Thirteen years ago, Joan Damico was working for a technology company when she noticed a gaping hole. As a Marcom Manager, she struggled to find good writers capable of blending technology concepts with business benefits. Those writing about tech had no sense for marcom and vice versa. “It was hard to find that mix.” But Joan, who had perfected this delicate balance in her own writing, recognized an opportunity. She broke out on her own and started J. Damico Marketing Communications, which helps B2B tech and industrial companies integrate marketing communication programs that generate leads and sales.
She found a void and filled it.
As any B2B content marketer will tell you, conveying complicated concepts in a digestible way is truly an art. In this sense, Joan is an artist – and one who understands the worth of her work. In speaking with her, you’re guaranteed to hear the word “value.” Her clients recognize the value of content that’s compelling and useful in that it helps transition a reader from visitor to lead to customer. On her end, her writing has value in that it’s what she gets paid to do. These two elements are closely tied, for Joan succeeds when her clients succeed.
I recently had the opportunity to catch up with Joan, who shared her expertise on how content marketing editors and publishers can increase the value of the writing they produce, both for their clients and for themselves. Here are 5 key highlights from our conversation:
Joan says, “I think we need to examine the organization of marketing in companies.” It used to be that all public messaging could go through marcom. But now, customer service has a Twitter account, marketing has a Twitter account and a Facebook page, and leadership is spouting off on LinkedIn. This siloing needs to stop, she says, and someone must own all the content from blogs to YouTube. She is calling for the creation of a Media Center of Excellence in organizations. Basically, many cooks can add their unique touches, but only one chef should choose the cuisine.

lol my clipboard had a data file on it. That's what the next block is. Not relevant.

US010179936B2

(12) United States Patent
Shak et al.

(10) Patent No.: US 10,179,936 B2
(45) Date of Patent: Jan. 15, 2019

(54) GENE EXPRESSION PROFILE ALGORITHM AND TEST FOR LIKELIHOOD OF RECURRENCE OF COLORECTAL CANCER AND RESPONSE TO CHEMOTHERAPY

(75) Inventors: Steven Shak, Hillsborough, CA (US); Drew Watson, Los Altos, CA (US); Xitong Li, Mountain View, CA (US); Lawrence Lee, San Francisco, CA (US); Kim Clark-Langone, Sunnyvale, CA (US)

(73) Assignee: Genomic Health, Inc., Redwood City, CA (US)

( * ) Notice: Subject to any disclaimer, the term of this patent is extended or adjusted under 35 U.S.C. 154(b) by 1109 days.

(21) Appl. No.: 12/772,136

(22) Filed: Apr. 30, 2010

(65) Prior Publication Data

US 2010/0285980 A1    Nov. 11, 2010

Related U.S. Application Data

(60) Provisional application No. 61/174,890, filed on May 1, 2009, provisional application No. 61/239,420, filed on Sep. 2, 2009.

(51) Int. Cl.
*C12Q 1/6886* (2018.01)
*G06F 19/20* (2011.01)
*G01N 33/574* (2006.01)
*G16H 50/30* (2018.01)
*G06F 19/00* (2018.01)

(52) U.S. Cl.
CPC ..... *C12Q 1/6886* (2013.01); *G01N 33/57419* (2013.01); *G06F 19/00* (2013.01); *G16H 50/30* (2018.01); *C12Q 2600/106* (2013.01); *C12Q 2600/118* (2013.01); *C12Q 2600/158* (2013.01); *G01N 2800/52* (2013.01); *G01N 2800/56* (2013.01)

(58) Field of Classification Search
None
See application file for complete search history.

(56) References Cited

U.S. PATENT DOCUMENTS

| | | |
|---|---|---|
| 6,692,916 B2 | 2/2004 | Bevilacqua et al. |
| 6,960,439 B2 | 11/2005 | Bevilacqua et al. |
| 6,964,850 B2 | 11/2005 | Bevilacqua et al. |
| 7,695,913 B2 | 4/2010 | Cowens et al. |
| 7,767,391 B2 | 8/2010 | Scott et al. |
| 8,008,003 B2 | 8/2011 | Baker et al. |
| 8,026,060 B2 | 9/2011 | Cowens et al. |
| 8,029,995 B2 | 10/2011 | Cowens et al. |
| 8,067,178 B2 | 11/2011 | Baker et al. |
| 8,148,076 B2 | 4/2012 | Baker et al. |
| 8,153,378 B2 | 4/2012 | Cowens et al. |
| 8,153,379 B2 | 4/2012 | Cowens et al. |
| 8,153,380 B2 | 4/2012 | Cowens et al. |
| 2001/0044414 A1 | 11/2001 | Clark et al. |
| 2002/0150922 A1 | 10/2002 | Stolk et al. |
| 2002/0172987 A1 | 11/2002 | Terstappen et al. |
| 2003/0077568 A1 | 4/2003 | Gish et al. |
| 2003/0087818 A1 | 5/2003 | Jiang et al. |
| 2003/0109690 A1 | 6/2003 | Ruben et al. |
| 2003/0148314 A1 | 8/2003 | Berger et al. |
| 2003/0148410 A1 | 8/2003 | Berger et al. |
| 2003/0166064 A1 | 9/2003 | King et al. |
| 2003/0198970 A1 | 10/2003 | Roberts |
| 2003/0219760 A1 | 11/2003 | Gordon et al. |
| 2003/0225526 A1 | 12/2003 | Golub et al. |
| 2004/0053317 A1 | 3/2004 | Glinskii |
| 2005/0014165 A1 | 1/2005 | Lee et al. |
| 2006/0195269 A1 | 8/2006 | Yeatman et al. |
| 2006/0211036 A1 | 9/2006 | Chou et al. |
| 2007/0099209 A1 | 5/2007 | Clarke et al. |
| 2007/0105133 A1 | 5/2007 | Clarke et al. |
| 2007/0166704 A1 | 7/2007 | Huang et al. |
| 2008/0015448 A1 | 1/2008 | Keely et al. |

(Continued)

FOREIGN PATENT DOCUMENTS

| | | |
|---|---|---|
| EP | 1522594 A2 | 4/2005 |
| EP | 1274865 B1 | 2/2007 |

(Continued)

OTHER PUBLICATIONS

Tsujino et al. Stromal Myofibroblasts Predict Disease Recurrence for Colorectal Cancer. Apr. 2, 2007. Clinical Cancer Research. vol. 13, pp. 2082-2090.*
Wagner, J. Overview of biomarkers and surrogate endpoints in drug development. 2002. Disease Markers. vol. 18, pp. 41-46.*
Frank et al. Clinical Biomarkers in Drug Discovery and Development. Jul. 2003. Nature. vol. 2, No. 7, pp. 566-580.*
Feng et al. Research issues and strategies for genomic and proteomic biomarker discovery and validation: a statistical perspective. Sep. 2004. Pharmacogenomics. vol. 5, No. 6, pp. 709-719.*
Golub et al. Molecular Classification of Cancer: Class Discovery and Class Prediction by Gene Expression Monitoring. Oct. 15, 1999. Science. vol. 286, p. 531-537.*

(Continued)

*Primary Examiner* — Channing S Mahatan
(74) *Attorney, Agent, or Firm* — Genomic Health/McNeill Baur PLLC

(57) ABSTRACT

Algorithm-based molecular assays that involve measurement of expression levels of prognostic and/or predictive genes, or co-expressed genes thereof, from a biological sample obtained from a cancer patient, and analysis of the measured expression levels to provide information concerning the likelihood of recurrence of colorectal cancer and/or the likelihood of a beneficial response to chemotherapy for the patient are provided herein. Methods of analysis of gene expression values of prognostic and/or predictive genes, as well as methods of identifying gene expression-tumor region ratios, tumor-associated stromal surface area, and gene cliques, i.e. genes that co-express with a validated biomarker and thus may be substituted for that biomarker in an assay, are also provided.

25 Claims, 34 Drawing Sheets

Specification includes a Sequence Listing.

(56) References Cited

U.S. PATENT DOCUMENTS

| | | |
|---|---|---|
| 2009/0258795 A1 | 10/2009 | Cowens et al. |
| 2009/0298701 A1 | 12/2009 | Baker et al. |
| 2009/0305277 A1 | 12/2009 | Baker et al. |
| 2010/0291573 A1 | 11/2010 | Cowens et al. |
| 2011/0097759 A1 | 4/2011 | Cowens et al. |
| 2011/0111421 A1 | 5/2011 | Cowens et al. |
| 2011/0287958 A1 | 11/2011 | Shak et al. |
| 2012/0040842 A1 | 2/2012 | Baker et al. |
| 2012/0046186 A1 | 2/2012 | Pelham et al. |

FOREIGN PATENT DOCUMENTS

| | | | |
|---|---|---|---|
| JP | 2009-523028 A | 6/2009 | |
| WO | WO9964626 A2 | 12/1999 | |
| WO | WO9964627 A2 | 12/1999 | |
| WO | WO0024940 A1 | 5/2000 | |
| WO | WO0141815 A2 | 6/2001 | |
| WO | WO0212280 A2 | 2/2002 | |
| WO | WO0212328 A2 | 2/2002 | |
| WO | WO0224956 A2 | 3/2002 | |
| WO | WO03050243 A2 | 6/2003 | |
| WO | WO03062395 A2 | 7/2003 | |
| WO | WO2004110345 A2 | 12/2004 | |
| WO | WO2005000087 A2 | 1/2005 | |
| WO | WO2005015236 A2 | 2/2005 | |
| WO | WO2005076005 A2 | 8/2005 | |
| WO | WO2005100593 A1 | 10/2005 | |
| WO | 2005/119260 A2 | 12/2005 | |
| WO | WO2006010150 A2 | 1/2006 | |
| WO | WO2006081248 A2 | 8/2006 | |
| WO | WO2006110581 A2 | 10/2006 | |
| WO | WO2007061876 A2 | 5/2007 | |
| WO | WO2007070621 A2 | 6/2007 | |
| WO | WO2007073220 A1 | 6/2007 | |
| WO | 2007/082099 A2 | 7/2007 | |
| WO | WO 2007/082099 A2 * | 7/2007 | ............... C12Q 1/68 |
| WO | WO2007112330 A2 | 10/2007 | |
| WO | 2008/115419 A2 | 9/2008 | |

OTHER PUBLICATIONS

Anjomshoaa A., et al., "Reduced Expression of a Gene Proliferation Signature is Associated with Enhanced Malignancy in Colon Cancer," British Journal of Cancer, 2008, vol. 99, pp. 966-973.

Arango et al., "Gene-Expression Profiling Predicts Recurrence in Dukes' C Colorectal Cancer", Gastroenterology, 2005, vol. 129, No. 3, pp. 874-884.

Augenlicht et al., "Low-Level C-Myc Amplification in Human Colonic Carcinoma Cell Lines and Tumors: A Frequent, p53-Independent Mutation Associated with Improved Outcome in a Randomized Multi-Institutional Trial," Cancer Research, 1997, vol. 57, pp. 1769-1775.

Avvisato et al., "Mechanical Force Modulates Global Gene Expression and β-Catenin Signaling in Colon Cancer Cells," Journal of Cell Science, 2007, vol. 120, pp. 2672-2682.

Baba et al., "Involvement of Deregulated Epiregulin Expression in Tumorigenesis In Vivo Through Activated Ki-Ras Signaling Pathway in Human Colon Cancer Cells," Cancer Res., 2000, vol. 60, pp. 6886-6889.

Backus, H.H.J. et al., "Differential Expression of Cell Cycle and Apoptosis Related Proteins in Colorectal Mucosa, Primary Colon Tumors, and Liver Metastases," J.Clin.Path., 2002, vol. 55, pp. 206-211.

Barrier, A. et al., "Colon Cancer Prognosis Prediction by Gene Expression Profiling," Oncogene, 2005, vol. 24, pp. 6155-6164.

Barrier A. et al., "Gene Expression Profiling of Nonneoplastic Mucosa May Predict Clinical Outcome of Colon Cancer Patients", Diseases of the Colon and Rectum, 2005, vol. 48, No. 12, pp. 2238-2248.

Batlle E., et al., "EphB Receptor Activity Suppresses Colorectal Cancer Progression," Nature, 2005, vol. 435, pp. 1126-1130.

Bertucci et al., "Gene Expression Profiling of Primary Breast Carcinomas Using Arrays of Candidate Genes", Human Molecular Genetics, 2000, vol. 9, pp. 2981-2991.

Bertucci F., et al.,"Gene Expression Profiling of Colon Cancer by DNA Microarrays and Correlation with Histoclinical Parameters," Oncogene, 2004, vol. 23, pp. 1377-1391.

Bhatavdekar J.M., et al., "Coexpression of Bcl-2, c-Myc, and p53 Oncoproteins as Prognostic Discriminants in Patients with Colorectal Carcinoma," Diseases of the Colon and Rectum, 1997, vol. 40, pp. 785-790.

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Use the “So What” Test.
Whatever your idea for a piece of writing, she recommends you ask yourself, “So what?” “Sure, your product does X, Y and Z, and it does it in 5 seconds. Well, so what?” When you can answer that question, you actually have something to say in your writing, and readers will find it relevant.
Don’t lose touch.
Content marketers are voracious readers. With such an overload of dialoguing at the speed of light, we can sometimes cut corners and get hooked on current trends, entirely losing sight of our marketing purposes. Joan recently edited a piece of writing that was full of buzzwords and content marketing cliches. These pitfalls exist in every industry. She reminds writers to identify the difference between a buzzword and something that adds value to the topic.
Streamline the messy.
The creative element of writing is messy. “Let it get messy,” says Joan, but don’t let a disorganized process get in the way of efficiency. Streamlining the communication, approval, and distribution of content will save you a lot of headaches and, more importantly, it will save you money. Full disclosure, I met Joan when she shared her thoughts about Kapost on Business 2 Community. A client of hers began using the software to streamline the content marketing process from ideation to social media promotions. By tidying up the workflow and organizing the process, she was able to make more money per piece of writing because she wasn’t wasting time with tedious (and costly) tasks.
To stay on top of her field, Joan reads a lot of sales blogs. While she is not directly in sales, she sees her role as supporting sales and helping them close more customers. Recently, she was asked by a salesperson, “Is one more white paper going to help me meet my $2 million quota?” It’s a great question, and one that identifies a common division between marketing and sales. To bridge the gap, content marketing folks should ask themselves some questions: When is a good time to hand off this contact to sales as a lead? What keywords can I use to increase visibility of this piece to drive sales? How is sales framing our product and how can I align what I do to support that effort?
In her thirteen years freelancing, Joan has worked with a myriad of clients. Across all industries, the need for valuable content – content that marries the technical and compelling, converts visitors to customers, and supports sales – is consistent.
Joan Damico is a B2B copywriter and marcom consultant with more than 15 years’ experience in B2B marcom for high tech and industrial companies. She helps them leverage social media and traditional media to build brands, boost leads and drive sales. Joan is the author of Integrated Marcom Minute blog andnewsletter. She has presented copywriting and integrated marcom seminars for clients and industry associations including the American Writers and Artists Institute (AWAI), Business Marketing Association (BMA), Public Relations Society of America (PRSA) and has taught marcom and copywriting courses at colleges and universities including New York University (NYU). A social media enthusiast, Joan is a former community manager of the LinkedIn Group, B2B Social Media, where she took the group from 2,000 members to more than 10,000 in 18 months.